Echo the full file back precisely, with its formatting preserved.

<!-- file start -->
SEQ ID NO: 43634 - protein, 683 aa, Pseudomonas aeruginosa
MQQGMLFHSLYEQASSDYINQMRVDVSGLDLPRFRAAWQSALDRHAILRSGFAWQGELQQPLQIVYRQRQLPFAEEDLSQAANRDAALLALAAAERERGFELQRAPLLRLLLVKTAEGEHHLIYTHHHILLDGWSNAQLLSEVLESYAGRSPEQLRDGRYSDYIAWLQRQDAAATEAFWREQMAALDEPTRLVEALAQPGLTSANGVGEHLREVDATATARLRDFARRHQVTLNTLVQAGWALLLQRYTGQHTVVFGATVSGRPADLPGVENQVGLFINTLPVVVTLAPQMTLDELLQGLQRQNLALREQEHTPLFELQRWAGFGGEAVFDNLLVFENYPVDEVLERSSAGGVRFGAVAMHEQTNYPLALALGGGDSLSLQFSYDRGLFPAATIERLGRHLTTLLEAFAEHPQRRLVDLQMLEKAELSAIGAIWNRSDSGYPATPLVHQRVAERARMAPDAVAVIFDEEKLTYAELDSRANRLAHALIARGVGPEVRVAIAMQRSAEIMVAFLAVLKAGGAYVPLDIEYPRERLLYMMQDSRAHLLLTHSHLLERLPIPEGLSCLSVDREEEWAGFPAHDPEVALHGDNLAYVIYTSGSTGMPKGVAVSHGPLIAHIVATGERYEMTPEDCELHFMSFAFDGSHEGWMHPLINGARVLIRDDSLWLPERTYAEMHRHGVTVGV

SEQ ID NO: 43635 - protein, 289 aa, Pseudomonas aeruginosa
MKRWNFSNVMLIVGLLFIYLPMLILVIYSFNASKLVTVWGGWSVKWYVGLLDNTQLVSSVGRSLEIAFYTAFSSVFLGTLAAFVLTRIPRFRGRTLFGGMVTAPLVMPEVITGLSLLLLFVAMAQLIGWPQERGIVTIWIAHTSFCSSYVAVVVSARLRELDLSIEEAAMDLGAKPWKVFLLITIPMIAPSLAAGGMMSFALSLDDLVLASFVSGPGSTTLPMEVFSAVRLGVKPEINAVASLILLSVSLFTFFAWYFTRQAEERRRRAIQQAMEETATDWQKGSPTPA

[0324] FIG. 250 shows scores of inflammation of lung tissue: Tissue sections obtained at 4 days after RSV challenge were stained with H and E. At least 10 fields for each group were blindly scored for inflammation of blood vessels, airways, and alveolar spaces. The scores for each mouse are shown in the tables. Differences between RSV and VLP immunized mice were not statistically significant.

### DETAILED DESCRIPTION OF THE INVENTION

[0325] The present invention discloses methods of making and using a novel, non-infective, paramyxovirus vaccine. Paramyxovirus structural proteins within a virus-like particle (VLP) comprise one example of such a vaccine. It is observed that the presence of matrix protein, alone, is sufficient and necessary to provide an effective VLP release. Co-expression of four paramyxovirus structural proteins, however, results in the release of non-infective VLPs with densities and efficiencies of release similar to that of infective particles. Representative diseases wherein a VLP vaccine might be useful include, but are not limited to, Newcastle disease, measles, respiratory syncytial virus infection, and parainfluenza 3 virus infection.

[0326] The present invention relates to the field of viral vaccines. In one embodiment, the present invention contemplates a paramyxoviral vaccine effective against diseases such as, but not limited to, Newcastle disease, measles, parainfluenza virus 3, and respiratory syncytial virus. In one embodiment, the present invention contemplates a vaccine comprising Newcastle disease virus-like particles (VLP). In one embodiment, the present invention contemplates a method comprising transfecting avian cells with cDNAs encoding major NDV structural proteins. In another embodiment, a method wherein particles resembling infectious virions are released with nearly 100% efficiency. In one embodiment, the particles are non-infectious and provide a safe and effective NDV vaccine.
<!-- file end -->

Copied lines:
SEQ ID NO: 43634 - protein, 683 aa, Pseudomonas aeruginosa
MQQGMLFHSLYEQASSDYINQMRVDVSGLDLPRFRAAWQSALDRHAILRSGFAWQGELQQPLQIVYRQRQLPFAEEDLSQAANRDAALLALAAAERERGFELQRAPLLRLLLVKTAEGEHHLIYTHHHILLDGWSNAQLLSEVLESYAGRSPEQLRDGRYSDYIAWLQRQDAAATEAFWREQMAALDEPTRLVEALAQPGLTSANGVGEHLREVDATATARLRDFARRHQVTLNTLVQAGWALLLQRYTGQHTVVFGATVSGRPADLPGVENQVGLFINTLPVVVTLAPQMTLDELLQGLQRQNLALREQEHTPLFELQRWAGFGGEAVFDNLLVFENYPVDEVLERSSAGGVRFGAVAMHEQTNYPLALALGGGDSLSLQFSYDRGLFPAATIERLGRHLTTLLEAFAEHPQRRLVDLQMLEKAELSAIGAIWNRSDSGYPATPLVHQRVAERARMAPDAVAVIFDEEKLTYAELDSRANRLAHALIARGVGPEVRVAIAMQRSAEIMVAFLAVLKAGGAYVPLDIEYPRERLLYMMQDSRAHLLLTHSHLLERLPIPEGLSCLSVDREEEWAGFPAHDPEVALHGDNLAYVIYTSGSTGMPKGVAVSHGPLIAHIVATGERYEMTPEDCELHFMSFAFDGSHEGWMHPLINGARVLIRDDSLWLPERTYAEMHRHGVTVGV

SEQ ID NO: 43635 - protein, 289 aa, Pseudomonas aeruginosa
MKRWNFSNVMLIVGLLFIYLPMLILVIYSFNASKLVTVWGGWSVKWYVGLLDNTQLVSSVGRSLEIAFYTAFSSVFLGTLAAFVLTRIPRFRGRTLFGGMVTAPLVMPEVITGLSLLLLFVAMAQLIGWPQERGIVTIWIAHTSFCSSYVAVVVSARLRELDLSIEEAAMDLGAKPWKVFLLITIPMIAPSLAAGGMMSFALSLDDLVLASFVSGPGSTTLPMEVFSAVRLGVKPEINAVASLILLSVSLFTFFAWYFTRQAEERRRRAIQQAMEETATDWQKGSPTPA

[0324] FIG. 250 shows scores of inflammation of lung tissue: Tissue sections obtained at 4 days after RSV challenge were stained with H and E. At least 10 fields for each group were blindly scored for inflammation of blood vessels, airways, and alveolar spaces. The scores for each mouse are shown in the tables. Differences between RSV and VLP immunized mice were not statistically significant.

### DETAILED DESCRIPTION OF THE INVENTION

[0325] The present invention discloses methods of making and using a novel, non-infective, paramyxovirus vaccine. Paramyxovirus structural proteins within a virus-like particle (VLP) comprise one example of such a vaccine. It is observed that the presence of matrix protein, alone, is sufficient and necessary to provide an effective VLP release. Co-expression of four paramyxovirus structural proteins, however, results in the release of non-infective VLPs with densities and efficiencies of release similar to that of infective particles. Representative diseases wherein a VLP vaccine might be useful include, but are not limited to, Newcastle disease, measles, respiratory syncytial virus infection, and parainfluenza 3 virus infection.

[0326] The present invention relates to the field of viral vaccines. In one embodiment, the present invention contemplates a paramyxoviral vaccine effective against diseases such as, but not limited to, Newcastle disease, measles, parainfluenza virus 3, and respiratory syncytial virus. In one embodiment, the present invention contemplates a vaccine comprising Newcastle disease virus-like particles (VLP). In one embodiment, the present invention contemplates a method comprising transfecting avian cells with cDNAs encoding major NDV structural proteins. In another embodiment, a method wherein particles resembling infectious virions are released with nearly 100% efficiency. In one embodiment, the particles are non-infectious and provide a safe and effective NDV vaccine.